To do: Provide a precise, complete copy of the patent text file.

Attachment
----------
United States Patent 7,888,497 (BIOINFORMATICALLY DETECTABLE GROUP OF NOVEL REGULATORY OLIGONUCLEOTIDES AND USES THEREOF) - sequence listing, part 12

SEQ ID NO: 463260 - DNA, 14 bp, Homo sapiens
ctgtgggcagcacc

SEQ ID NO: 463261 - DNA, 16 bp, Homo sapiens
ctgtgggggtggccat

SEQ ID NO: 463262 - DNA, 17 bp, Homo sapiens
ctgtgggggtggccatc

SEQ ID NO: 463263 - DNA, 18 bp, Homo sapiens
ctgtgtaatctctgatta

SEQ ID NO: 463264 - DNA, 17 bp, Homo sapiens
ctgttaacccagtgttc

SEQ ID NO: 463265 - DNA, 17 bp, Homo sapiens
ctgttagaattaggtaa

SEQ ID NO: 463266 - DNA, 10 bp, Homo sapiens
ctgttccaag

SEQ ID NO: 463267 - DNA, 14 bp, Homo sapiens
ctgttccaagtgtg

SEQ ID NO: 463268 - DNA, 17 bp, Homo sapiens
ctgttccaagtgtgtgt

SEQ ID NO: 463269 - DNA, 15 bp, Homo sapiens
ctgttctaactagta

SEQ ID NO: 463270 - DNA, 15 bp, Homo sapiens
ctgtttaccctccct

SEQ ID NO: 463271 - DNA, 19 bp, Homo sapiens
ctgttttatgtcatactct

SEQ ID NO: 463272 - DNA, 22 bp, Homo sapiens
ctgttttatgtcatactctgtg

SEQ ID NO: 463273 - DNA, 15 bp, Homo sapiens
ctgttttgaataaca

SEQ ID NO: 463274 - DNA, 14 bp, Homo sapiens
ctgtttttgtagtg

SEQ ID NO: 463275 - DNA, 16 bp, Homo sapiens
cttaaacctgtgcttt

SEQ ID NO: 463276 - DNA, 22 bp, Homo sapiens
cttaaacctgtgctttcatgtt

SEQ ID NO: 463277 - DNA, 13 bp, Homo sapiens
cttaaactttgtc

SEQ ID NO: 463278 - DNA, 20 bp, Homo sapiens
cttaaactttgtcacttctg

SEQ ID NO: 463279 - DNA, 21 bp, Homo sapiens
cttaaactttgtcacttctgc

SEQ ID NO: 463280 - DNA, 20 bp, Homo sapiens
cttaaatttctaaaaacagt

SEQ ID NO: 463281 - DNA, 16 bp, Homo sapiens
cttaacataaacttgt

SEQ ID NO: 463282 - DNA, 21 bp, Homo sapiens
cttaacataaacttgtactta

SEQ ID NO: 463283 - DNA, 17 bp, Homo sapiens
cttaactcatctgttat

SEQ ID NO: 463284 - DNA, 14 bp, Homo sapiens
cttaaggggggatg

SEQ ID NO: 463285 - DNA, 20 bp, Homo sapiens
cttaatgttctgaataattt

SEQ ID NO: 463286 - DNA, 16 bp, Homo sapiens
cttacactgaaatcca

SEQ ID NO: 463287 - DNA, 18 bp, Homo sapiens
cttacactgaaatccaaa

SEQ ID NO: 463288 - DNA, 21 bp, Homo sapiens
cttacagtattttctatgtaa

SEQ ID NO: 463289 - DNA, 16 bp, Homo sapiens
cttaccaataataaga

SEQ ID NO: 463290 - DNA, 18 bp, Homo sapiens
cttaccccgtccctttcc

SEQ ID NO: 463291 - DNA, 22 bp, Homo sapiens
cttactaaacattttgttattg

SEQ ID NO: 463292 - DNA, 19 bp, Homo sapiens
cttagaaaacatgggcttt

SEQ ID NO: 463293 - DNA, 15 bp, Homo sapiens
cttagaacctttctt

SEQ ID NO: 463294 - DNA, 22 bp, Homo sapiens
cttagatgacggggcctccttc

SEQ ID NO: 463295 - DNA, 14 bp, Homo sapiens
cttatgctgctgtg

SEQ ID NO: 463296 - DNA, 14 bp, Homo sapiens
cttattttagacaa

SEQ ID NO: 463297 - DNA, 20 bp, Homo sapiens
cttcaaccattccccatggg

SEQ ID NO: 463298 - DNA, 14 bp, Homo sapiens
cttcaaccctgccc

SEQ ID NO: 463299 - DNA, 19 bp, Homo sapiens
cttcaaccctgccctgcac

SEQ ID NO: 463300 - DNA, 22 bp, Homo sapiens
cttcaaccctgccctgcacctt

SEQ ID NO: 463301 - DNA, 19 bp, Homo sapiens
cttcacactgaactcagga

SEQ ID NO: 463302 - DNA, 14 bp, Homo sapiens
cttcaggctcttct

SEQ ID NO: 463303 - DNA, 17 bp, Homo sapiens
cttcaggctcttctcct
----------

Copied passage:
United States Patent 7,888,497 (BIOINFORMATICALLY DETECTABLE GROUP OF NOVEL REGULATORY OLIGONUCLEOTIDES AND USES THEREOF) - sequence listing, part 12

SEQ ID NO: 463260 - DNA, 14 bp, Homo sapiens
ctgtgggcagcacc

SEQ ID NO: 463261 - DNA, 16 bp, Homo sapiens
ctgtgggggtggccat

SEQ ID NO: 463262 - DNA, 17 bp, Homo sapiens
ctgtgggggtggccatc

SEQ ID NO: 463263 - DNA, 18 bp, Homo sapiens
ctgtgtaatctctgatta

SEQ ID NO: 463264 - DNA, 17 bp, Homo sapiens
ctgttaacccagtgttc

SEQ ID NO: 463265 - DNA, 17 bp, Homo sapiens
ctgttagaattaggtaa

SEQ ID NO: 463266 - DNA, 10 bp, Homo sapiens
ctgttccaag

SEQ ID NO: 463267 - DNA, 14 bp, Homo sapiens
ctgttccaagtgtg

SEQ ID NO: 463268 - DNA, 17 bp, Homo sapiens
ctgttccaagtgtgtgt

SEQ ID NO: 463269 - DNA, 15 bp, Homo sapiens
ctgttctaactagta

SEQ ID NO: 463270 - DNA, 15 bp, Homo sapiens
ctgtttaccctccct

SEQ ID NO: 463271 - DNA, 19 bp, Homo sapiens
ctgttttatgtcatactct

SEQ ID NO: 463272 - DNA, 22 bp, Homo sapiens
ctgttttatgtcatactctgtg

SEQ ID NO: 463273 - DNA, 15 bp, Homo sapiens
ctgttttgaataaca

SEQ ID NO: 463274 - DNA, 14 bp, Homo sapiens
ctgtttttgtagtg

SEQ ID NO: 463275 - DNA, 16 bp, Homo sapiens
cttaaacctgtgcttt

SEQ ID NO: 463276 - DNA, 22 bp, Homo sapiens
cttaaacctgtgctttcatgtt

SEQ ID NO: 463277 - DNA, 13 bp, Homo sapiens
cttaaactttgtc

SEQ ID NO: 463278 - DNA, 20 bp, Homo sapiens
cttaaactttgtcacttctg

SEQ ID NO: 463279 - DNA, 21 bp, Homo sapiens
cttaaactttgtcacttctgc

SEQ ID NO: 463280 - DNA, 20 bp, Homo sapiens
cttaaatttctaaaaacagt

SEQ ID NO: 463281 - DNA, 16 bp, Homo sapiens
cttaacataaacttgt

SEQ ID NO: 463282 - DNA, 21 bp, Homo sapiens
cttaacataaacttgtactta

SEQ ID NO: 463283 - DNA, 17 bp, Homo sapiens
cttaactcatctgttat

SEQ ID NO: 463284 - DNA, 14 bp, Homo sapiens
cttaaggggggatg

SEQ ID NO: 463285 - DNA, 20 bp, Homo sapiens
cttaatgttctgaataattt

SEQ ID NO: 463286 - DNA, 16 bp, Homo sapiens
cttacactgaaatcca

SEQ ID NO: 463287 - DNA, 18 bp, Homo sapiens
cttacactgaaatccaaa

SEQ ID NO: 463288 - DNA, 21 bp, Homo sapiens
cttacagtattttctatgtaa

SEQ ID NO: 463289 - DNA, 16 bp, Homo sapiens
cttaccaataataaga

SEQ ID NO: 463290 - DNA, 18 bp, Homo sapiens
cttaccccgtccctttcc

SEQ ID NO: 463291 - DNA, 22 bp, Homo sapiens
cttactaaacattttgttattg

SEQ ID NO: 463292 - DNA, 19 bp, Homo sapiens
cttagaaaacatgggcttt

SEQ ID NO: 463293 - DNA, 15 bp, Homo sapiens
cttagaacctttctt

SEQ ID NO: 463294 - DNA, 22 bp, Homo sapiens
cttagatgacggggcctccttc

SEQ ID NO: 463295 - DNA, 14 bp, Homo sapiens
cttatgctgctgtg

SEQ ID NO: 463296 - DNA, 14 bp, Homo sapiens
cttattttagacaa

SEQ ID NO: 463297 - DNA, 20 bp, Homo sapiens
cttcaaccattccccatggg

SEQ ID NO: 463298 - DNA, 14 bp, Homo sapiens
cttcaaccctgccc

SEQ ID NO: 463299 - DNA, 19 bp, Homo sapiens
cttcaaccctgccctgcac

SEQ ID NO: 463300 - DNA, 22 bp, Homo sapiens
cttcaaccctgccctgcacctt

SEQ ID NO: 463301 - DNA, 19 bp, Homo sapiens
cttcacactgaactcagga

SEQ ID NO: 463302 - DNA, 14 bp, Homo sapiens
cttcaggctcttct

SEQ ID NO: 463303 - DNA, 17 bp, Homo sapiens
cttcaggctcttctcct